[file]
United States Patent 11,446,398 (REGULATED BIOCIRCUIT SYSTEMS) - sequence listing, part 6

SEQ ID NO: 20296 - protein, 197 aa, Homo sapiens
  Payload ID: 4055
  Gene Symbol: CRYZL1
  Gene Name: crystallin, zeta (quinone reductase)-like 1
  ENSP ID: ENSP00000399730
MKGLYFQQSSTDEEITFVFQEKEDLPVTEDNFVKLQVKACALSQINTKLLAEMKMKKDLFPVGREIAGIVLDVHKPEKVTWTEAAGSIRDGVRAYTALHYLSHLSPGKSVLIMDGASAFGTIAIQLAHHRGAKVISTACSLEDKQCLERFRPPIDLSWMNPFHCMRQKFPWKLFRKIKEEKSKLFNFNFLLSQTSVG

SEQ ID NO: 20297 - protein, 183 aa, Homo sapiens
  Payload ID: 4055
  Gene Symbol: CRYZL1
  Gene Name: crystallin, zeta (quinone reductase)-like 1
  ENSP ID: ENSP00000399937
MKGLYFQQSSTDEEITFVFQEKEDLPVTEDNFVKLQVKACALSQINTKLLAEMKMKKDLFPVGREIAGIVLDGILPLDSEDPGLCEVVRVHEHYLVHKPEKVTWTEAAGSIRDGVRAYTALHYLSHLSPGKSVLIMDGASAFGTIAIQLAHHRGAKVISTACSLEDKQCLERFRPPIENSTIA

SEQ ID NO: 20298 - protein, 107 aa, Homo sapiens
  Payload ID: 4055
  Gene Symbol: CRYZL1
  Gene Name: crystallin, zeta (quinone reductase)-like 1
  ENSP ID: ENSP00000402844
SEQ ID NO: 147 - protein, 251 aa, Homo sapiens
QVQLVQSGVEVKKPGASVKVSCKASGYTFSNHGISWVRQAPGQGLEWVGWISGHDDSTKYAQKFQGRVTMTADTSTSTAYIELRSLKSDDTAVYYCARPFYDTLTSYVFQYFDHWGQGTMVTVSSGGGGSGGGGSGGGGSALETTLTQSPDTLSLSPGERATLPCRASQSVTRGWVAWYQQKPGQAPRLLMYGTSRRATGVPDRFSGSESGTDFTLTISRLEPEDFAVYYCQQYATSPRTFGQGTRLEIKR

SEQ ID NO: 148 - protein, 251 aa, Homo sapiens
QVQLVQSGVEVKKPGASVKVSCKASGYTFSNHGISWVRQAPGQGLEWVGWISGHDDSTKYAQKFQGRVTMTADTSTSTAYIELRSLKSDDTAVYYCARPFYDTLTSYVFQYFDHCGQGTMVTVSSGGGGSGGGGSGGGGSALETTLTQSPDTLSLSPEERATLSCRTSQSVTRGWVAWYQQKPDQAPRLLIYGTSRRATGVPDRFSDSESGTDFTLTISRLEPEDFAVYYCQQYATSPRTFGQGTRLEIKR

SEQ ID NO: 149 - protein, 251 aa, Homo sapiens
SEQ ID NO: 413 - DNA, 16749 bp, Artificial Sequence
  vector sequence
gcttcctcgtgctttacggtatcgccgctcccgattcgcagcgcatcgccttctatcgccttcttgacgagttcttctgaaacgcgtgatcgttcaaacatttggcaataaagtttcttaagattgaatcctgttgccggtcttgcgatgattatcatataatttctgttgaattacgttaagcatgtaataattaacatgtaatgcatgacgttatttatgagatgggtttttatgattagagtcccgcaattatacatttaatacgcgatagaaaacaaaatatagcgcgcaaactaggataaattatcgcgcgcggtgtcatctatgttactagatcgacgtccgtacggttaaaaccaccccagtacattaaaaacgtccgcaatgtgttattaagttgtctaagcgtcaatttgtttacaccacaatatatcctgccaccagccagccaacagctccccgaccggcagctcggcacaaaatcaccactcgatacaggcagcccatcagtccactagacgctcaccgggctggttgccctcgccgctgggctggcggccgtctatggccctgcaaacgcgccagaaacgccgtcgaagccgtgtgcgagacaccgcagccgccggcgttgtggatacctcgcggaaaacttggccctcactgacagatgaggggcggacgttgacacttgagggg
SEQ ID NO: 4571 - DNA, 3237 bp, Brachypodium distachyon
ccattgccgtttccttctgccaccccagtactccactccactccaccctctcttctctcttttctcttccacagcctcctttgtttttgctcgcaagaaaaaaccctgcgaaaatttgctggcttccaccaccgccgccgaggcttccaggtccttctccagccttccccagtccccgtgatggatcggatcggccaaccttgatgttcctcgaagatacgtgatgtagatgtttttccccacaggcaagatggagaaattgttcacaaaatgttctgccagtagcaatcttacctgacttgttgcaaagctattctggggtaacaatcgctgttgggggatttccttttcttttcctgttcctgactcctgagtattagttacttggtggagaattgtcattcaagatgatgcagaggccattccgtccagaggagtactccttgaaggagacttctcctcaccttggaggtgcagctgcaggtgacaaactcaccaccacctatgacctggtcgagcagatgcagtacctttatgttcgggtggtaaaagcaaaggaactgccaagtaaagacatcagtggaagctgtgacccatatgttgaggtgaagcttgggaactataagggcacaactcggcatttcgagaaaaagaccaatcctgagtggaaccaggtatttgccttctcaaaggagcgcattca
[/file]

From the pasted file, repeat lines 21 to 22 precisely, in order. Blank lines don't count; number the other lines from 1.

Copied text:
SEQ ID NO: 148 - protein, 251 aa, Homo sapiens
QVQLVQSGVEVKKPGASVKVSCKASGYTFSNHGISWVRQAPGQGLEWVGWISGHDDSTKYAQKFQGRVTMTADTSTSTAYIELRSLKSDDTAVYYCARPFYDTLTSYVFQYFDHCGQGTMVTVSSGGGGSGGGGSGGGGSALETTLTQSPDTLSLSPEERATLSCRTSQSVTRGWVAWYQQKPDQAPRLLIYGTSRRATGVPDRFSDSESGTDFTLTISRLEPEDFAVYYCQQYATSPRTFGQGTRLEIKR